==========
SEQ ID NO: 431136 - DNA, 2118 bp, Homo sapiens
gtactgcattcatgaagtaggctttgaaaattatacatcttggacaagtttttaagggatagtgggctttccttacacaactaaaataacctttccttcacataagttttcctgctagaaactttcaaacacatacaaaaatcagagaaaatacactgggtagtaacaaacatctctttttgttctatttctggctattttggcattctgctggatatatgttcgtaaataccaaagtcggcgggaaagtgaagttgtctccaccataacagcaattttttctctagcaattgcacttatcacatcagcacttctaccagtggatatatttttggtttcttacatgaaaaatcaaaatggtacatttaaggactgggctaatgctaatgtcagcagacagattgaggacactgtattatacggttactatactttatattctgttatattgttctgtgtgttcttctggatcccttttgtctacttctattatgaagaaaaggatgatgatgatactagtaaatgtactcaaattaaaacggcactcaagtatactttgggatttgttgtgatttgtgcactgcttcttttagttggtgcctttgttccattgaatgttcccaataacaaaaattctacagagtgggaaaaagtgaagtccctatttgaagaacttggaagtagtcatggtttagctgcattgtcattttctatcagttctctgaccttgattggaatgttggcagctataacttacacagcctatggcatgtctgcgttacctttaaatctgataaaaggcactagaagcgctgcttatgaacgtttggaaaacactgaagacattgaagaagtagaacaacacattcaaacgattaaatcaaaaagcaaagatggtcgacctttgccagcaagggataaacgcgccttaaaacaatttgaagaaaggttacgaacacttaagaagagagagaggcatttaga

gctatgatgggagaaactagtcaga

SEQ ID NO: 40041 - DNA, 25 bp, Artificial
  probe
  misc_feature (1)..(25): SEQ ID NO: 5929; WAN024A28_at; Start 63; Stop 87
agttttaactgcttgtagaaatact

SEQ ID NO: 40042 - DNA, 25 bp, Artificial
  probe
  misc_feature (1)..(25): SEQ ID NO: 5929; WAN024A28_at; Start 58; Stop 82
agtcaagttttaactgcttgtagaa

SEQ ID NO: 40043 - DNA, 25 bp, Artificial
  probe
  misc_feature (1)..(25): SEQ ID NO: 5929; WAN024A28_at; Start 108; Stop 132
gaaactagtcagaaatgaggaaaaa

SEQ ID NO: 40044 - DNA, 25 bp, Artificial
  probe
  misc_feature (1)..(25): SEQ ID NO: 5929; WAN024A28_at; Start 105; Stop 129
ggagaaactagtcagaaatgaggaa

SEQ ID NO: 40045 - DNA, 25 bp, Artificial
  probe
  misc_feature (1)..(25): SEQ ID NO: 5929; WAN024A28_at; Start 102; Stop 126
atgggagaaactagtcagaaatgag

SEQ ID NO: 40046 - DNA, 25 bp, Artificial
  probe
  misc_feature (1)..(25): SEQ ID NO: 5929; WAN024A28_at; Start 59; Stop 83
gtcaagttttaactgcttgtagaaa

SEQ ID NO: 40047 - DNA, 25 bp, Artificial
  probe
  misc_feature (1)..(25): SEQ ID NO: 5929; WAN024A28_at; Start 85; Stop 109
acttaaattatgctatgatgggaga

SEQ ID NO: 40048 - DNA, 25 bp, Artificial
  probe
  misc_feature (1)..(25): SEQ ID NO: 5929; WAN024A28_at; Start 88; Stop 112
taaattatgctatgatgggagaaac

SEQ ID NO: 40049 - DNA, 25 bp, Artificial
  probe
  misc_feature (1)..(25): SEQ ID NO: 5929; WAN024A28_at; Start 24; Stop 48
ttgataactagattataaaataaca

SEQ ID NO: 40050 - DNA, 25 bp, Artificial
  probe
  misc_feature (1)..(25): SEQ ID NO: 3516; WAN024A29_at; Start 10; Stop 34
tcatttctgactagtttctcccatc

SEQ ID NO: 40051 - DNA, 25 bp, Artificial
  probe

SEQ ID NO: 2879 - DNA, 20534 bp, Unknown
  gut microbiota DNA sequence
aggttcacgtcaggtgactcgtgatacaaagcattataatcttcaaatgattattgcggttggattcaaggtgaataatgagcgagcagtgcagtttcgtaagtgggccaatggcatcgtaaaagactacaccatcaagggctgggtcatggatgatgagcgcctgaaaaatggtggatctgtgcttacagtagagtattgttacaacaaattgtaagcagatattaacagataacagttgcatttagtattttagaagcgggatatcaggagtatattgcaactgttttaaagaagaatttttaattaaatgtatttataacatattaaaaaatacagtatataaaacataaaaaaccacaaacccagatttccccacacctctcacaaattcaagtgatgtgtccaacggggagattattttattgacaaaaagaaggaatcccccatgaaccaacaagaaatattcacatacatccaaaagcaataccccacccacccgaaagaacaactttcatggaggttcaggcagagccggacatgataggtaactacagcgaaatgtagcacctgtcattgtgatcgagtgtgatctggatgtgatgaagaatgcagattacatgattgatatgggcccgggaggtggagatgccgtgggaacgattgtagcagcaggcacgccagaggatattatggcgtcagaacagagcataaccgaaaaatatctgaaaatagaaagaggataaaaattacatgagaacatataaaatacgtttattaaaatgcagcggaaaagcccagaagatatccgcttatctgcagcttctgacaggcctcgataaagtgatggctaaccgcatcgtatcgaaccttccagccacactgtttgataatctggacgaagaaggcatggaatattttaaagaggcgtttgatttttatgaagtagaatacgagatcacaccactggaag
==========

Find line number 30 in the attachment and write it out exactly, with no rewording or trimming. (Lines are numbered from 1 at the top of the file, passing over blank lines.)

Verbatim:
  misc_feature (1)..(25): SEQ ID NO: 5929; WAN024A28_at; Start 85; Stop 109